Too much information killed college student Katie Ulrich’s relationship. The NYU junior began to suspect her romance was on rocky ground when she and the new flame were not exactly simpatico: She dressed up for dates while he sported sweats; they’d make plans for a day’s outing to Coney Island and he changed his mind just before boarding the train.
Ulrich was willing to let the faux pas slip until an indie concert they planned to attend together. “He called to say he was not feeling well enough to go,” Ulrich said. “I decided not to go either, even though I already bought my ticket.”
That night when Ulrich checked her Facebook newsfeed, she saw her “sick” date’s status: He was going to the concert with a number of tagged friends. After that, “I was done seeing him,” Ulrich said.
Many people have experienced Facebook postings have ending a blossoming relationship. Through the constant status updates, location check-ins, and photo postings, Facebook puts a relationship in hyper speed.
With Facebook, the need for introductory conversations is eliminated. One can find all the information they need simply by friending a person and viewing the profile. A profile is a goldmine listing the entire history of a person’s life through pictures, postings, and status updates. The information overload creates problems for dating — no longer do people learn about each other through interpersonal relations, all it takes is some snooping on their Facebook profile.
NYU graduate student Kristin Buettner experienced an early ending to one romantic relationship thanks to Facebook. “I met a guy, and we started Facebook chatting, G-Chatting and texting all the time,” Buettner said. “He knew everything from what I was doing at work to what I was eating for lunch, and it killed the mystery.”
Buettner realized that while Facebook may seem like a practical replacement to developing a relationship with someone, it is completely artificial. “A computer can do a lot of things,” Buettner said. “But, it can’t replicate romantic chemistry!”
Buettner’s experience with information overload is why Laurie Davis, founder of eFlirt Expert, warns “Friending a match before your first date encourages snooping,” Davis said.
Yet, avoiding Facebook is not an option, says Davis. “The reality of today’s society is that nearly all of our lives are digital,” Davis said.
Facebook’s effects on relationships prompted “Your Tango,” a love advice blog to post an article detailing “Six Things You Do on Facebook That Turn Him Off.” Red flags include ex-bashing, overdoing the “duck lips” pose in profile pictures, too many status updates, hitting the “like” button once too often, having over a thousand friends, and playing online games like Mafia Wars or Farmville.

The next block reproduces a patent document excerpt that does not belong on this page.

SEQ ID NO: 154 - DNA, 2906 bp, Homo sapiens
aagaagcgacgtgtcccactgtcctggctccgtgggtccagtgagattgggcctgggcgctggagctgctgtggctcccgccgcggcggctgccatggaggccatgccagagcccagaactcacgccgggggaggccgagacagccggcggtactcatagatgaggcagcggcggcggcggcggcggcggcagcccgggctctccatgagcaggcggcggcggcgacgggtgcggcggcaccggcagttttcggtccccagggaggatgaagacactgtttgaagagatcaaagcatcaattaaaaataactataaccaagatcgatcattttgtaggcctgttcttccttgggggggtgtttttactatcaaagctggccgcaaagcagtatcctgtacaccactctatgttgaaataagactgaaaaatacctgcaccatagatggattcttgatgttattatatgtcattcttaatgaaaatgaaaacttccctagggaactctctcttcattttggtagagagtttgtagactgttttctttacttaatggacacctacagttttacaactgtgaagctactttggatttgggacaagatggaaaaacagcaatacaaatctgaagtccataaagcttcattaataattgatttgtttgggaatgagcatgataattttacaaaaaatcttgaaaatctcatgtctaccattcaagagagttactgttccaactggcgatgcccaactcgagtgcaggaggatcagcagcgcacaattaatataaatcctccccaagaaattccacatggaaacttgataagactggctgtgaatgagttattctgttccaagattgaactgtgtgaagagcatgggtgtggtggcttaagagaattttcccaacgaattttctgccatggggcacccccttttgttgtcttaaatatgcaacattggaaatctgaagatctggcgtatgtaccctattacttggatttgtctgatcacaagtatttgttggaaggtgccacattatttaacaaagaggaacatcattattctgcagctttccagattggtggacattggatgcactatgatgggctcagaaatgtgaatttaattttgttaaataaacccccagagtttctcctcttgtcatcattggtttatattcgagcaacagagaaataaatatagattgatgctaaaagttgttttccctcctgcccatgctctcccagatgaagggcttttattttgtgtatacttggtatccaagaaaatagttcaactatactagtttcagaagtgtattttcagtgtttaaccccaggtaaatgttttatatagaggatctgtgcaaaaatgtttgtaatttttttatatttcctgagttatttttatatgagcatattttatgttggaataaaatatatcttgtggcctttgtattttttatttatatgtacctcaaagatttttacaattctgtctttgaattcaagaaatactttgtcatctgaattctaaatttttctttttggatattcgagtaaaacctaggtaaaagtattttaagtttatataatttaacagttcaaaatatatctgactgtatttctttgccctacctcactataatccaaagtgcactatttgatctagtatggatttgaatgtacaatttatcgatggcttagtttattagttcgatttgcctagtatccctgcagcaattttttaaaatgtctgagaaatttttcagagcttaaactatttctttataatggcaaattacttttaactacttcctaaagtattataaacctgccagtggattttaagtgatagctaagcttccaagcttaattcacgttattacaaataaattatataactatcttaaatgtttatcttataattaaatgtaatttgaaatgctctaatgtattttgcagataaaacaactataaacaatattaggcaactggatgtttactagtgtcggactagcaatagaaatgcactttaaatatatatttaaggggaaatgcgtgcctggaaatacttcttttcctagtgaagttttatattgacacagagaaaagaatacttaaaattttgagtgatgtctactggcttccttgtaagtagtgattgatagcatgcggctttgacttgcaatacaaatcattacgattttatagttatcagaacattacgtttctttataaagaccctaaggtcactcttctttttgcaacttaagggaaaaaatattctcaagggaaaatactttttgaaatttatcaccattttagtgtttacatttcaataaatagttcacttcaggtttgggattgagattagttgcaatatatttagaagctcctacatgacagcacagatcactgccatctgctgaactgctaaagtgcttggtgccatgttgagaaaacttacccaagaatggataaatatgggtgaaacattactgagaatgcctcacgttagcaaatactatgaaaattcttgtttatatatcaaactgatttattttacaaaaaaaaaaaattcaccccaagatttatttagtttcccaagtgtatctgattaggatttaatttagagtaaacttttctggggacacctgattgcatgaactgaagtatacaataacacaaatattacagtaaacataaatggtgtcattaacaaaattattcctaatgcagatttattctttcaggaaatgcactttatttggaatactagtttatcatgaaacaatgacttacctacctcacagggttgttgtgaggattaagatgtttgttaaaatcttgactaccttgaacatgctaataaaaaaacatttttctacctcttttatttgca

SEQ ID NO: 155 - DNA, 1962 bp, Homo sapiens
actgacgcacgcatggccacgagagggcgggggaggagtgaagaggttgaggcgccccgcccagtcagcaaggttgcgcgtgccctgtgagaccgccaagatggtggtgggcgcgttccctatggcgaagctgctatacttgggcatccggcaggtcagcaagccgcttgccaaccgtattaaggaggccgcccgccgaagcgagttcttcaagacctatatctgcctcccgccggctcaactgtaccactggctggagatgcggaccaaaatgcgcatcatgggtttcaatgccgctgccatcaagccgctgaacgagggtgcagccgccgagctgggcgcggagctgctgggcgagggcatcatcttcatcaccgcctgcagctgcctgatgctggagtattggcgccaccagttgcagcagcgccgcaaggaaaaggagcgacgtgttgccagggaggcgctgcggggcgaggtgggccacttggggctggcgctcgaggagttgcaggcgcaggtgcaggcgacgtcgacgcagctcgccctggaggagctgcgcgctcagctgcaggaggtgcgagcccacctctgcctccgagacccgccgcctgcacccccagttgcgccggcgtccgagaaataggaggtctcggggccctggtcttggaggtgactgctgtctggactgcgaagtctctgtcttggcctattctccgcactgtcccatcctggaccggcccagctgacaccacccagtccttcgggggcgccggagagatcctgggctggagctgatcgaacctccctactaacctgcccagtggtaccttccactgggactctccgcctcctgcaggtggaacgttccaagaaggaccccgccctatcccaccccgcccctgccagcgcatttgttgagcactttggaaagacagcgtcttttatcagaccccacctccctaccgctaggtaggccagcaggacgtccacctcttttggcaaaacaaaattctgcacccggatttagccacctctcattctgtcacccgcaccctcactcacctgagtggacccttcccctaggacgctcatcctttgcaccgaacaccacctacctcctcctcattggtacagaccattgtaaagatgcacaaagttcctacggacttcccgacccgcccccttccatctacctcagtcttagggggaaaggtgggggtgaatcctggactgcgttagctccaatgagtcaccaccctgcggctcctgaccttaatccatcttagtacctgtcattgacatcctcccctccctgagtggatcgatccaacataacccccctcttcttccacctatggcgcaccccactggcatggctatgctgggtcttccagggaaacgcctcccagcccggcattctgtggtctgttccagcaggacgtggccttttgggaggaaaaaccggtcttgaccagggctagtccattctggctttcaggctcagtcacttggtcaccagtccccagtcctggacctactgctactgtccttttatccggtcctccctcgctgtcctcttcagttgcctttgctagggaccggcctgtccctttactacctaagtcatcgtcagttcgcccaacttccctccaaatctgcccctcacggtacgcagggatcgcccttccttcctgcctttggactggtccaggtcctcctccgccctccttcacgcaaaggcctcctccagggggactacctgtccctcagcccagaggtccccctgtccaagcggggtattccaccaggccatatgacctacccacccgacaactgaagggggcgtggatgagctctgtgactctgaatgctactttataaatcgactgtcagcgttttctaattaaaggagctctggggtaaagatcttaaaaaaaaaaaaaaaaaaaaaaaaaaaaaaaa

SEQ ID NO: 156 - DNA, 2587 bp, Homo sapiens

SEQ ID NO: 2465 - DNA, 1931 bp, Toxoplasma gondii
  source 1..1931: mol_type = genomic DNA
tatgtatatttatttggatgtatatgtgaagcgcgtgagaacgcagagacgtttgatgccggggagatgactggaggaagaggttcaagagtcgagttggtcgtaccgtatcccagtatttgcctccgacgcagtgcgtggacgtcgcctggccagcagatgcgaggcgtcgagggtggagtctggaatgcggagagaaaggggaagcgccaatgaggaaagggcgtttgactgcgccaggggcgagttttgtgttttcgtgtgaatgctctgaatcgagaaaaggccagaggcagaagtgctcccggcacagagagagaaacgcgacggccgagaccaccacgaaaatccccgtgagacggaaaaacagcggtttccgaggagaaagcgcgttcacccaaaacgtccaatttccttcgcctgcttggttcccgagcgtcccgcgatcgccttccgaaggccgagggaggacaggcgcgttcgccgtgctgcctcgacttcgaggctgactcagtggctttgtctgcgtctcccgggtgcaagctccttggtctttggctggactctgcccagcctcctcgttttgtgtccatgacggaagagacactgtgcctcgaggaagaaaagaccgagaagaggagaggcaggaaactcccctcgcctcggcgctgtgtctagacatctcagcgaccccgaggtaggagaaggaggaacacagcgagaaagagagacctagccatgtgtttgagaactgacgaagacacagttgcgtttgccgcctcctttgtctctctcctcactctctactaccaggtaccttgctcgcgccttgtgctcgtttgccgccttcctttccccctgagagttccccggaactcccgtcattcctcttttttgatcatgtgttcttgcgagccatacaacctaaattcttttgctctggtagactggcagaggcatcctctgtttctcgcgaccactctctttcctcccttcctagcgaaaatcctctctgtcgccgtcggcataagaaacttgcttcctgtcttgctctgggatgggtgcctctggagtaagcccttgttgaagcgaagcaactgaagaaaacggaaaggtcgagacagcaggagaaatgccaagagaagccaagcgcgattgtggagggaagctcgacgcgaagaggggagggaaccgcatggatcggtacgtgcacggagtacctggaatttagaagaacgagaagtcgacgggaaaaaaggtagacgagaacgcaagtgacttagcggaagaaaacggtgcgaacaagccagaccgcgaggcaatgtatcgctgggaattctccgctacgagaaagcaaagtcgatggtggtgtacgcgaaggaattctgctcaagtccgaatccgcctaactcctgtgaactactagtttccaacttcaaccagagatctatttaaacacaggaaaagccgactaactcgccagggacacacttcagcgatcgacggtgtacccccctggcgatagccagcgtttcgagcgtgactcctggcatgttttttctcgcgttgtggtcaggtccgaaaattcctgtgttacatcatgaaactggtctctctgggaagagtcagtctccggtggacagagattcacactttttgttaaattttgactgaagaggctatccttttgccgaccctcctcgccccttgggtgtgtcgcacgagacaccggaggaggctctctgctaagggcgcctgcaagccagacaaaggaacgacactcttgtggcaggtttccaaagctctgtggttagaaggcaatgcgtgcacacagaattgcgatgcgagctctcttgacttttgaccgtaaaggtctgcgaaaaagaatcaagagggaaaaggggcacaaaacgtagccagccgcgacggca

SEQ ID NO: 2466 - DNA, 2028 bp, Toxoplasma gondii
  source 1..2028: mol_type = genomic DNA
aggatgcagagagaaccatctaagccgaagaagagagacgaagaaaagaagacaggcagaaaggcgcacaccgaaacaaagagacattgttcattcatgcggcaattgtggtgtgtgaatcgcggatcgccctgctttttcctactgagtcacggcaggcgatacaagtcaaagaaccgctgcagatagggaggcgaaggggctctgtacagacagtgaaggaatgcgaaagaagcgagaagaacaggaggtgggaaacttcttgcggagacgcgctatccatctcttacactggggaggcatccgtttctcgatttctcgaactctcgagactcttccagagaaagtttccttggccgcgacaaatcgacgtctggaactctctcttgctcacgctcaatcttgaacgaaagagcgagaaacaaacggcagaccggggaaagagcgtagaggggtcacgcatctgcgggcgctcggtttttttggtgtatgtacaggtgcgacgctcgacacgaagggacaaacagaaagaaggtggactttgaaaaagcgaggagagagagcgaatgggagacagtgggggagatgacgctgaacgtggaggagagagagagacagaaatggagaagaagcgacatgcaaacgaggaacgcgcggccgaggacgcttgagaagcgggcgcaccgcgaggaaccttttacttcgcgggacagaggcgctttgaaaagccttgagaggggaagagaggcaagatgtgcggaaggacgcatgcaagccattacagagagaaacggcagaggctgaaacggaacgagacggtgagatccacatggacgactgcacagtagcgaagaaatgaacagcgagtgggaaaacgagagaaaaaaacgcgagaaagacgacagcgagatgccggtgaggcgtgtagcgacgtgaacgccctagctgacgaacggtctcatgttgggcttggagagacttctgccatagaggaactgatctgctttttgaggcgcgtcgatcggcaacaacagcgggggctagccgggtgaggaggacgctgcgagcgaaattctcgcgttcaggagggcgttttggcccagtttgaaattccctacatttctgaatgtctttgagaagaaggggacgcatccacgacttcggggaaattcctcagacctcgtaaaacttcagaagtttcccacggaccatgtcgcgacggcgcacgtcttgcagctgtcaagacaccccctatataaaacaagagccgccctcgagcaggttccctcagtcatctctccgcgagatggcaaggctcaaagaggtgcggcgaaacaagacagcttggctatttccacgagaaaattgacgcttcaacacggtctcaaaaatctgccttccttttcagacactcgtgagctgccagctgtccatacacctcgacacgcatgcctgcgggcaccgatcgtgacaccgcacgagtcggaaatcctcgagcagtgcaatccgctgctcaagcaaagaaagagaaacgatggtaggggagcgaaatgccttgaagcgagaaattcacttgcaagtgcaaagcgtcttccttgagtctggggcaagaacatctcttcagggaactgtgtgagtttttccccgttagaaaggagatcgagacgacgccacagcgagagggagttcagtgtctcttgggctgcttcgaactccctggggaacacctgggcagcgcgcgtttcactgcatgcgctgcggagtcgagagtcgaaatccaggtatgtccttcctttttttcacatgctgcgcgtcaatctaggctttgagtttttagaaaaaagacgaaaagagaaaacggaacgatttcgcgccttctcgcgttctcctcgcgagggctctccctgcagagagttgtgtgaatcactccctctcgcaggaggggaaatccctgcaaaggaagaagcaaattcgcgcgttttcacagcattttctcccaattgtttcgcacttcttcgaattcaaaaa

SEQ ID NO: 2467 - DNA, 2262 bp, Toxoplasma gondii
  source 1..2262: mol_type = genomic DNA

Facebook can also offer accessibility to a person’s family, perhaps not always the best idea. NYU junior Alexa Modungo decided to get even with her ex-boyfriend when he disrespected her: she found his mother on Facebook.
Modungo dated her ex-boyfriend for five years; they were childhood friends. Growing up in the New York City private school scene, Modungo said they cultivated a deep, intimate relationship. Although, his behavior showed otherwise, “He told me he cheated on me at his grandfather’s 80th birthday party, while I was sitting between his mother and him,” she said.
Modungo’s relationship reached a point where she could no longer tolerate her ex-boyfriend’s behavior. “I took it upon myself,” she said, “to send his mother Facebook messages explaining what a chauvinist she raised.”
Modungo sent 42 messages to be exact, and she blames Facebook to what she now admits was  an over-the-top reaction. “Facebook provides an alternate reality,” she said. “It’s a lot easier to say something on Facebook than in person.”
Modungo’s messages to her ex-boyfriend’s mother fall under what The Wall Street Journal’s Elizabeth Bernstein calls the hover parent (or friend) issue with Facebook. “Before social networking, when you broke up with someone it was easier to disconnect. Although, you could still drive by your ex’s house or call his phone and hang up, to try and check up on him,” Bernstein said. “Now you can spy on that person via Facebook, constantly monitoring his (or her) behavior and analyzing it.”